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In order to retrieve your creativity, you need to find it. I ask you to do this by an apparently pointless process I call the morning pages. You will do the pages daily through all the weeks of the course and, I hope, much longer. I have been doing them for a decade now. I have students who have worked with them nearly that long and who would no more abandon them than breathing.

 

Ginny, a writer-producer, credits the morning pages with inspiration for her recent screenplays and clarity in planning her network specials. ”I’m superstitious about them by now,” she says. “When I was editing my last special, I would get up at 5:00 A.M. to get them done before I went in to work.” What are morning pages? Put simply, the morning pages are three pages of longhand writing, strictly stream-of-consciousness: “Oh, god, another morning. I have NOTHING to say. I need to wash the curtains. Did I get my laundry yesterday? Blah, blah, blah … ” They might also, more ingloriously, be called brain drain, since that is one of their main functions.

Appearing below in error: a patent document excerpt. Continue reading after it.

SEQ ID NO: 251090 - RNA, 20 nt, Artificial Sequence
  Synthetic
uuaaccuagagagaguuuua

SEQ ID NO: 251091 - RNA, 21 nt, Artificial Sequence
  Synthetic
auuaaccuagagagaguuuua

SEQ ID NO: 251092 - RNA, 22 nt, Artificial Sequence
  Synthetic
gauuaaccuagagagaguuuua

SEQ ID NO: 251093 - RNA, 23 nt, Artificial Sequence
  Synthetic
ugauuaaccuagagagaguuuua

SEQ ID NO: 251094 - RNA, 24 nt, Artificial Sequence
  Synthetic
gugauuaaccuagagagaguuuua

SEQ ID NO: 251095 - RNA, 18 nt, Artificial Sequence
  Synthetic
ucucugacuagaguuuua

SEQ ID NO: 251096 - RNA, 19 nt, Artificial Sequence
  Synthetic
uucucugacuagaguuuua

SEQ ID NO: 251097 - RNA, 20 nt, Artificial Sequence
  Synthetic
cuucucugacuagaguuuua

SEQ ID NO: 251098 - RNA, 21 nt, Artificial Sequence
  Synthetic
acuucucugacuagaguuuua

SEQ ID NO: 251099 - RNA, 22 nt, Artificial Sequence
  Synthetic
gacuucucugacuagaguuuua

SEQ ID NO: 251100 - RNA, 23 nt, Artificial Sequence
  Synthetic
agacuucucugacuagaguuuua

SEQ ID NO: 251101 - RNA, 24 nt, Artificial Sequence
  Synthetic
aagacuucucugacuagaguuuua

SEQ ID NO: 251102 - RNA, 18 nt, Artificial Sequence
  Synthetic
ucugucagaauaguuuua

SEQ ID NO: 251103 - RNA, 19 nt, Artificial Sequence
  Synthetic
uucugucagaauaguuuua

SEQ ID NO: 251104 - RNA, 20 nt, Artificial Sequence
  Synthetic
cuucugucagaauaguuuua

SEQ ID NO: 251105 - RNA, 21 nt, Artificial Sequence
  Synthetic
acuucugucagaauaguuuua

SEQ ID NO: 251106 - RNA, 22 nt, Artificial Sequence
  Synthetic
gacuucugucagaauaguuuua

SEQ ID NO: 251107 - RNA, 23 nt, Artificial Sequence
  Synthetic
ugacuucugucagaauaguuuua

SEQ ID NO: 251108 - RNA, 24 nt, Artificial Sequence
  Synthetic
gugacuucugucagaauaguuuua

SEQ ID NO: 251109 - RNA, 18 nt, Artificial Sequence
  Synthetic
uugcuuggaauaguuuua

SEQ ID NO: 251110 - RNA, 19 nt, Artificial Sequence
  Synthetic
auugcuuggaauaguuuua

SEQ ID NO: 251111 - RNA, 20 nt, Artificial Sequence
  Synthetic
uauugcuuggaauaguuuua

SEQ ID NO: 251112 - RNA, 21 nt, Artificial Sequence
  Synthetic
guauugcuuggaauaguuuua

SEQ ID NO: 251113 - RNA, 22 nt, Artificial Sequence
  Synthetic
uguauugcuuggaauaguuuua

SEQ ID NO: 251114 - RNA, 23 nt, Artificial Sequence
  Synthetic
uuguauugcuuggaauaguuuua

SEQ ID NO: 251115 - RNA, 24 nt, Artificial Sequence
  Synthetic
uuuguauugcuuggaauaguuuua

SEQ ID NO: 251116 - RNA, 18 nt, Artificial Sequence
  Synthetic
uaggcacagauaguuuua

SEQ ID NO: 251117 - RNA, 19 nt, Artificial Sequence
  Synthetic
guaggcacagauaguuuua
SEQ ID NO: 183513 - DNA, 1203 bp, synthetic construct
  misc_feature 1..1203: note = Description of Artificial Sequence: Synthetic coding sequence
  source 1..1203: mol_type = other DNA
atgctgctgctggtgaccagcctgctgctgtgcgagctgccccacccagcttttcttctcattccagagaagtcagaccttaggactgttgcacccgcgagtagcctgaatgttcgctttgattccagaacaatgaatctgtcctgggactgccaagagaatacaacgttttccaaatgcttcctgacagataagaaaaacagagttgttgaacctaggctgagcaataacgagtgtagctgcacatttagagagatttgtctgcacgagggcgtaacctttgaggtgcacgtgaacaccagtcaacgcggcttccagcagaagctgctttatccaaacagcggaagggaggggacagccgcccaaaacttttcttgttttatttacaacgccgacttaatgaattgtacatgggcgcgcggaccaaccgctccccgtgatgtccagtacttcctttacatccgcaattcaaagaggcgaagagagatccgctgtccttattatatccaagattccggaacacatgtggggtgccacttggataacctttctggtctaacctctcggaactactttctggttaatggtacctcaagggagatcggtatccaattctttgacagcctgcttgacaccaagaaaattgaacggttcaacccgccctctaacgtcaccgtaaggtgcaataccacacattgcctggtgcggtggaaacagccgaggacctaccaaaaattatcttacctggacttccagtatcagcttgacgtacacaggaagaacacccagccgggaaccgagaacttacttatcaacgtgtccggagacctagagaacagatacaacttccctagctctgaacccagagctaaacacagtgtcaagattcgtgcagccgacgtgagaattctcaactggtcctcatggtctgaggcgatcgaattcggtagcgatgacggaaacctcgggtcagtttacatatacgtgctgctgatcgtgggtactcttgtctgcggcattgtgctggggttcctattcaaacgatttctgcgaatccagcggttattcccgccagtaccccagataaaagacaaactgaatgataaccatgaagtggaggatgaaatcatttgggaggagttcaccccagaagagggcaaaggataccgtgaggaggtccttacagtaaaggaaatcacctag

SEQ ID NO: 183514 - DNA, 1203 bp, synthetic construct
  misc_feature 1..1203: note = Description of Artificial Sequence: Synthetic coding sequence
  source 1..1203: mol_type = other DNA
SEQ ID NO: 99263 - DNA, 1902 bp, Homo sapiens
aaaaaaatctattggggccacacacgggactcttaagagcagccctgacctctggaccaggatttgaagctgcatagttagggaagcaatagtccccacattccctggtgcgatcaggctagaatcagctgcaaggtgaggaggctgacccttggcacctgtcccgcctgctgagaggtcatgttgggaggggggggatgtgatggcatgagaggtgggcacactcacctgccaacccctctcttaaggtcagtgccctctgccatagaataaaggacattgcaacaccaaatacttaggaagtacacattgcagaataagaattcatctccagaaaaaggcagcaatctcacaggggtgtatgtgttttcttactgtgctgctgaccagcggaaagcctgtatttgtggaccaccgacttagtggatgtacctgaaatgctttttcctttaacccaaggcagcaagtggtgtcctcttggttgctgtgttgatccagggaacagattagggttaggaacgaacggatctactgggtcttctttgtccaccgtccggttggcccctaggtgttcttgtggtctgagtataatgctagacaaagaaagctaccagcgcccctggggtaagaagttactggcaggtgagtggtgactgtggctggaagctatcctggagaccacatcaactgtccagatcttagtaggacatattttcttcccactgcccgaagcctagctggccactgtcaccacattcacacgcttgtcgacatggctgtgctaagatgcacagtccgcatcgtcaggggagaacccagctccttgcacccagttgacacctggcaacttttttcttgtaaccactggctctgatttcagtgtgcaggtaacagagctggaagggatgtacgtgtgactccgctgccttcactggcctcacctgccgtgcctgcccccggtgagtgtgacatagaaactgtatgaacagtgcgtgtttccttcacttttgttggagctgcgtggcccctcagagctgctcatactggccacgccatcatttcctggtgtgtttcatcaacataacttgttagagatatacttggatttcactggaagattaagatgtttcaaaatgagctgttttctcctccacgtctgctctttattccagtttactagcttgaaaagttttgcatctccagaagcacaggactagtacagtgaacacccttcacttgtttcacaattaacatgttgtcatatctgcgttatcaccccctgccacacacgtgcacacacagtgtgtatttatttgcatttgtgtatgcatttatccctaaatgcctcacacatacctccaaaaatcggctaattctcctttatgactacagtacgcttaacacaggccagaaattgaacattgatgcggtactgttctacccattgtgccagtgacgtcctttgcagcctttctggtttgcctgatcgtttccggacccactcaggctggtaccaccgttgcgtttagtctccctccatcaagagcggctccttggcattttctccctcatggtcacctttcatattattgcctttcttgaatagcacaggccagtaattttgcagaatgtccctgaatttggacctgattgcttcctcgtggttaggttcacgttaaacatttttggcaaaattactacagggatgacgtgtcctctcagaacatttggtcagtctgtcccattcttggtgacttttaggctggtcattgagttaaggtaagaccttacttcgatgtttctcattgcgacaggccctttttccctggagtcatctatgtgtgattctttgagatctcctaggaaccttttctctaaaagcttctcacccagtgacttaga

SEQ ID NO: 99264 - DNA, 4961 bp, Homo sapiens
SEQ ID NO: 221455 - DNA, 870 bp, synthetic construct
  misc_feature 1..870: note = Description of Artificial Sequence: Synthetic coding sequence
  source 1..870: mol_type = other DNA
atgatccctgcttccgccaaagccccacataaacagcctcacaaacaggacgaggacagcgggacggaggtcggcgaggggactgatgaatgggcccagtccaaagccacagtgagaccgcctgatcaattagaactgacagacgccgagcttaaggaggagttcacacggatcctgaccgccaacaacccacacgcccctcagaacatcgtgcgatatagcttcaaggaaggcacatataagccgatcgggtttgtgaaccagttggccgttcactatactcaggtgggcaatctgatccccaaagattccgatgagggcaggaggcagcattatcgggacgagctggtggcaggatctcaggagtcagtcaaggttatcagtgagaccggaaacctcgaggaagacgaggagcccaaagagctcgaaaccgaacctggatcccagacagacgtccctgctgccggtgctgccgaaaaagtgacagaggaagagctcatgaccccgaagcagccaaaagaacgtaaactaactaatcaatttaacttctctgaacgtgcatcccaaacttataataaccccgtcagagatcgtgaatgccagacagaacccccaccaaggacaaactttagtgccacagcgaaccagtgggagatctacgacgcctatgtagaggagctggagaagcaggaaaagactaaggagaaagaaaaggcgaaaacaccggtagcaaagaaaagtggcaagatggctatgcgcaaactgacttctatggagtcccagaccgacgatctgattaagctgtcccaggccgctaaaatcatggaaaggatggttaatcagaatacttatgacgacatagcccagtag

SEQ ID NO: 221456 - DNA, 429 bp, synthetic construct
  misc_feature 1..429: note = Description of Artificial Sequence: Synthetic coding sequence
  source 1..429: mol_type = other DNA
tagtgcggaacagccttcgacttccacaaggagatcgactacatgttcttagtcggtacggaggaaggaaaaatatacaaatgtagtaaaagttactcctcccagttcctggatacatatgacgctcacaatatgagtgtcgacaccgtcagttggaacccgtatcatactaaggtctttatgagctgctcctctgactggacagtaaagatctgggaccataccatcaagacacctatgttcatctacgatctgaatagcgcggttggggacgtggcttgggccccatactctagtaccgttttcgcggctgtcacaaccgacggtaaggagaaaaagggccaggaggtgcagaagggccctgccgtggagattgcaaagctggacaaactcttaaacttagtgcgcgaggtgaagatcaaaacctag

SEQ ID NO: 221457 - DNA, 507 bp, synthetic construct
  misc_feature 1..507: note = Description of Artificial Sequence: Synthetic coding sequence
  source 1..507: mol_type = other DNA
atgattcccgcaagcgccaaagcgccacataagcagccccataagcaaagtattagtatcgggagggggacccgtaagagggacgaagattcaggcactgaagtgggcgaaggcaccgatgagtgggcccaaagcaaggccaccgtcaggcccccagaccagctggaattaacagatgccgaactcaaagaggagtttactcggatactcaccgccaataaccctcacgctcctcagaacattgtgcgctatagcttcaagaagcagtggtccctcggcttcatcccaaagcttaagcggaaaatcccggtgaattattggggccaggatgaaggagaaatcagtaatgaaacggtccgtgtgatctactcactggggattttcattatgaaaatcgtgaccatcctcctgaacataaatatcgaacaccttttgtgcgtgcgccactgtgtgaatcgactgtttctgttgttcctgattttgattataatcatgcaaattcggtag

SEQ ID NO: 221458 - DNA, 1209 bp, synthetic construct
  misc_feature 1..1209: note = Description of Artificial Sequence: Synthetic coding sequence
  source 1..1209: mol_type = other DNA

There is no wrong way to do morning pages. These daily morning meanderings are not meant to be art. Or even writing. I stress that point to reassure the non writers working with this book. Writing is simply one of the tools. Pages are meant to be, simply, the act of moving the hand across the page and writing down whatever comes to mind. Nothing is too petty, too silly, too stupid, or too weird to be included.